Original languageEnglish (US)
Pages (from-to)358-363
Number of pages6
JournalAmerican Journal of Otolaryngology - Head and Neck Medicine and Surgery
Volume40
Issue number3
DOIs
StatePublished - May 1 2019

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Epistaxis
Climate
Internet
Information Centers
Temperature
Los Angeles
Weather
Humidity
Epidemiologic Studies
Pressure

Keywords

  • Barometric pressure
  • Dew point
  • Dew point temperature
  • Epistaxis
  • Google
  • Google Trends
  • Humidity
  • Nosebleed
  • Temperature
  • Weather

ASJC Scopus subject areas

  • Otorhinolaryngology

Cite this

Doctor Google : Correlating internet search trends for epistaxis with metropolitan climates. / Unsal, Aykut A; Dubal, Pariket M.; Pfaff, Julia A.; Friedel, Mark E.; Eloy, Jean Anderson; Kountakis, Stilianos E.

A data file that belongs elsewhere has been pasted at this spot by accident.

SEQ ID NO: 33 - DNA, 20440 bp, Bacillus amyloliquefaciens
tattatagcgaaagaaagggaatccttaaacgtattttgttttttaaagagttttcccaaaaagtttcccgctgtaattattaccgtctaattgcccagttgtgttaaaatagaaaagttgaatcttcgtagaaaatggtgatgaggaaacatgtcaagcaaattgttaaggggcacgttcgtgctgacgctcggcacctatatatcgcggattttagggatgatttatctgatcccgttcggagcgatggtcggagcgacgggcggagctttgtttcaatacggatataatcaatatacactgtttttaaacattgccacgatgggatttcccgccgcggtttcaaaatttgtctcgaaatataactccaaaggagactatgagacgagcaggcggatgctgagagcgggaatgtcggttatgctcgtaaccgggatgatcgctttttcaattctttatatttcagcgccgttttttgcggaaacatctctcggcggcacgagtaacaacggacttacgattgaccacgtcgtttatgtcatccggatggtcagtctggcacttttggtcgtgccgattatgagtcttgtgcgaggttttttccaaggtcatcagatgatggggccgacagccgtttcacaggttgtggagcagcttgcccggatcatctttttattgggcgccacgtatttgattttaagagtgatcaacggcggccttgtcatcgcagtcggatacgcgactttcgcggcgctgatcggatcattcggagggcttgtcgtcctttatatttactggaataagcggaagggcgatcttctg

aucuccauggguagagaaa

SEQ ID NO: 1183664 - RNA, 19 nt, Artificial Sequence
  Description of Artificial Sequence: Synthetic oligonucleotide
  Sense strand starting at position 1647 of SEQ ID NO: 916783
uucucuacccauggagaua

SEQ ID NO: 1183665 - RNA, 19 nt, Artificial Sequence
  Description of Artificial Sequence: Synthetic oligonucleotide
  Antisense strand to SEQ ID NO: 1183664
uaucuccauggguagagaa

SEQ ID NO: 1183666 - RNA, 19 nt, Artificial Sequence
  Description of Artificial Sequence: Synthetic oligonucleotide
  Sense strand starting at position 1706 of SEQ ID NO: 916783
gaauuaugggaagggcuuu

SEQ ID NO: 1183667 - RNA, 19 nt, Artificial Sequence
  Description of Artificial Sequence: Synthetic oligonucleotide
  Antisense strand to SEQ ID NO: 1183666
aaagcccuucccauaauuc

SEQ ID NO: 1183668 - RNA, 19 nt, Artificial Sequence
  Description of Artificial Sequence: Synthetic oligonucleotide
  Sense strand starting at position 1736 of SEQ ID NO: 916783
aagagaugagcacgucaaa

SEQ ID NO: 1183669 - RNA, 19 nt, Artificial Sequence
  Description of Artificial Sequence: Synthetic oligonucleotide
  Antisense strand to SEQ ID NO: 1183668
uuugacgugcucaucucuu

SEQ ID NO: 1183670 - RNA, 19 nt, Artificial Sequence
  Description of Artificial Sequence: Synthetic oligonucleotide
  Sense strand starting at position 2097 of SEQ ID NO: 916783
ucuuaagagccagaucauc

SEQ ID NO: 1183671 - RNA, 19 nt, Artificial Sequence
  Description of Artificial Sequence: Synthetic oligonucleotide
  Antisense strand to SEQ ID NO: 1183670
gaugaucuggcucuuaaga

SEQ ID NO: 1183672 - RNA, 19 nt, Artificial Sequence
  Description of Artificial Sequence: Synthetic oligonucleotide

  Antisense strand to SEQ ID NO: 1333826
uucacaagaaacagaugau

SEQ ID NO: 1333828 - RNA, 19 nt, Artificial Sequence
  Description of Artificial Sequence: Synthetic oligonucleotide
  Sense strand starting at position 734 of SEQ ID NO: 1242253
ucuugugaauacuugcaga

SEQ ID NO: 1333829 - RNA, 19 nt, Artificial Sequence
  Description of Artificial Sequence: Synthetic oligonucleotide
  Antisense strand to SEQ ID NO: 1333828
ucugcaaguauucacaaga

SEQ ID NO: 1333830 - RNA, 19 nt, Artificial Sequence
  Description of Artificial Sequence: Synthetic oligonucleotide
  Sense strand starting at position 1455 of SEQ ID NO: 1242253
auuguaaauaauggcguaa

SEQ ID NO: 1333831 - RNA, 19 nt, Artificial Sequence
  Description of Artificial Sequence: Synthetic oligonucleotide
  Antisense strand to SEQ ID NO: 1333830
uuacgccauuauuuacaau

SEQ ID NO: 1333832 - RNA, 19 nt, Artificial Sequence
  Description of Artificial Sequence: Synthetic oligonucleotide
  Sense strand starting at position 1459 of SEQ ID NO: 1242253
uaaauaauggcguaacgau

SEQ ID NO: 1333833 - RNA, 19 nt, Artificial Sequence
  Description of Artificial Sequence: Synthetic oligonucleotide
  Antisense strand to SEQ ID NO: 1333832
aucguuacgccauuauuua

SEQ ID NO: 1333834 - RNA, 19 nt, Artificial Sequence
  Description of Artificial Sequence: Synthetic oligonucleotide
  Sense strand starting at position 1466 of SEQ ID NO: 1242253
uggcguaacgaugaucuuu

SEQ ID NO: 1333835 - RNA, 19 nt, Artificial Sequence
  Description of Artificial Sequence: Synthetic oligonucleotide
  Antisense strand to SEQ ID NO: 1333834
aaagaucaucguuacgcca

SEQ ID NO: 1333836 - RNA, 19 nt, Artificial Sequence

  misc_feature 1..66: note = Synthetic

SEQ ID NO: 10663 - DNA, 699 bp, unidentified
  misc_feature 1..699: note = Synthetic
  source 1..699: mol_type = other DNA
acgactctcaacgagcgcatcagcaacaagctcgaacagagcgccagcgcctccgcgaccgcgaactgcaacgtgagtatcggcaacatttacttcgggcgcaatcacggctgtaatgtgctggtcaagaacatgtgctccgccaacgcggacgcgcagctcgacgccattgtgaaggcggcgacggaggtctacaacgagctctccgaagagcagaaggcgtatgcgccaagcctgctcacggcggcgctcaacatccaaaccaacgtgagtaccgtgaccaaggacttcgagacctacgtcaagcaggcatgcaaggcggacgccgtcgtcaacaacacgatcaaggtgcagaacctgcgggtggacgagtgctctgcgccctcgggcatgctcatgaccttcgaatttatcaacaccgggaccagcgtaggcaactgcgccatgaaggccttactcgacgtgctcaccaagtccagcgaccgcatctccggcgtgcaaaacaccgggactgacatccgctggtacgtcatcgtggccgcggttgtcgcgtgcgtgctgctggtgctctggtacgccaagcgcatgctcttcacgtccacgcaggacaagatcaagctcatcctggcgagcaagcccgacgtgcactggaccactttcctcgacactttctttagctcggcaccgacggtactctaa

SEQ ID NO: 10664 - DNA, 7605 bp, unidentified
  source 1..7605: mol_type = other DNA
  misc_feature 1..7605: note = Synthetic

In: American Journal of Otolaryngology - Head and Neck Medicine and Surgery, Vol. 40, No. 3, 01.05.2019, p. 358-363.

Research output: Contribution to journalArticle

Unsal, Aykut A ; Dubal, Pariket M. ; Pfaff, Julia A. ; Friedel, Mark E. ; Eloy, Jean Anderson ; Kountakis, Stilianos E. / Doctor Google : Correlating internet search trends for epistaxis with metropolitan climates. In: American Journal of Otolaryngology - Head and Neck Medicine and Surgery. 2019 ; Vol. 40, No. 3. pp. 358-363.